Tourism in the South Shetland Islands: Recent Changes in Local Destinations and Activities
Antarctic tourism has been developed in the archipelago since the 1960s, but its growth has been remarkable since the beginning of the 1990s. The South Shetland Islands are the most visited tourist destination in the Antarctic and the Islands were visited by 22,604 tourists in the 2005–2006 season. Three phases of tourist activity can be distinguished: initial development (1965–1985), growth and consolidation (1985–1998), and growth and diversification (1998–2006). Changes have been detected in the tourist activities and frequentation of visitors to different sites. The last phase is characterized by the multiplication of annual trips and the diversification of tourist activities, typically from landings with short walks and visits to scientific stations, to new tourism activities that are more active in nature. Visits are concentrated in seven geographical areas and specialization in specific activities has developed at different sites. This article examines the evolution of maritime tourism, the use, frequency, and development of local tourist sites on the South Shetland Islands.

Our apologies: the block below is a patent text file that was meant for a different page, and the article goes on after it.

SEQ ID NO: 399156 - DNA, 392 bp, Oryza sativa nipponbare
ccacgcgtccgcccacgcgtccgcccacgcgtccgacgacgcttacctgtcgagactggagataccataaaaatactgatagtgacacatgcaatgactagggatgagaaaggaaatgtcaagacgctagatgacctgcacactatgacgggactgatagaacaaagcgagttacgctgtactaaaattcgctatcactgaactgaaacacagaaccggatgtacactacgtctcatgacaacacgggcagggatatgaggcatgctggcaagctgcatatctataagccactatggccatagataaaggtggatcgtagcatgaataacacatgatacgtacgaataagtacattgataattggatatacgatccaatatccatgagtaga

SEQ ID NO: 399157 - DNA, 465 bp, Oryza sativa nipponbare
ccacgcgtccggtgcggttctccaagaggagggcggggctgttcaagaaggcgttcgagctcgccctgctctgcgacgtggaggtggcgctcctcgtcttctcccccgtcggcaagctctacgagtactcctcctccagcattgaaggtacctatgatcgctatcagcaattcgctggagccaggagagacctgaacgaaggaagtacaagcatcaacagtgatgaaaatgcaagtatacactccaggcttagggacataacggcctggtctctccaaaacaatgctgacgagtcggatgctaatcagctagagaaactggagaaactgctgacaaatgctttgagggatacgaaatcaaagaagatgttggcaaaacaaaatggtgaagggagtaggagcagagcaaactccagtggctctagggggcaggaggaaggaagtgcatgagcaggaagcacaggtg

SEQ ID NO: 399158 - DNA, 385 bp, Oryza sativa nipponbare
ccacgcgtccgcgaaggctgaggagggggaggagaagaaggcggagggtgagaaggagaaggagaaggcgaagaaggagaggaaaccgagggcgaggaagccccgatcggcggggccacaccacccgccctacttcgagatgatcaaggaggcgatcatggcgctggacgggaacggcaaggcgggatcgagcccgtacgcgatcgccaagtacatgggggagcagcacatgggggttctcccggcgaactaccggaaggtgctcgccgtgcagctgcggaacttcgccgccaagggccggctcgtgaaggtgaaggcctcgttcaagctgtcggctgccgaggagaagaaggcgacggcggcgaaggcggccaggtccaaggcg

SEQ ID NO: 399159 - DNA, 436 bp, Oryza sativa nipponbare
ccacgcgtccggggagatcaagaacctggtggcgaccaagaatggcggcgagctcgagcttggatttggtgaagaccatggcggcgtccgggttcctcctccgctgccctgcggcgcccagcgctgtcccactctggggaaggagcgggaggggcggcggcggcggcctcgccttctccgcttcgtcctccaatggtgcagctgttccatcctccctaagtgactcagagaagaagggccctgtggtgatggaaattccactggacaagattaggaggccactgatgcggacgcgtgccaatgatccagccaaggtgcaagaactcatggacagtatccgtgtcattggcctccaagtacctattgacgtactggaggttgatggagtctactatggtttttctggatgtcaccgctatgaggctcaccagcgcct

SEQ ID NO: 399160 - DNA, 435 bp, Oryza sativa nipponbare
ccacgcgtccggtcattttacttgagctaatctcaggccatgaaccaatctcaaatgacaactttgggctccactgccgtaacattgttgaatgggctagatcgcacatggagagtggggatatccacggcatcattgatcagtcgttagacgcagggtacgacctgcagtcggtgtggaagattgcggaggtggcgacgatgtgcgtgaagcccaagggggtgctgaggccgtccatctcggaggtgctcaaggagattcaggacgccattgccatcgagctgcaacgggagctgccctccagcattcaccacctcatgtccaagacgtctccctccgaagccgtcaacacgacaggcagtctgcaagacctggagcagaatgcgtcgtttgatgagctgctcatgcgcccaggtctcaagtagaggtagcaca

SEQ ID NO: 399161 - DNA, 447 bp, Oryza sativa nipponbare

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Document Type: Research Article
Publication date: 2007-06-01
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- Tourism in Marine Environments is an interdisciplinary journal dealing with a variety of management issues in marine settings. It is a scientific journal that draws upon the expertise of academics and practitioners from various disciplines related to the marine environment, including tourism, marine science, geography, social sciences, psychology, environmental studies, economics, marketing, and many more.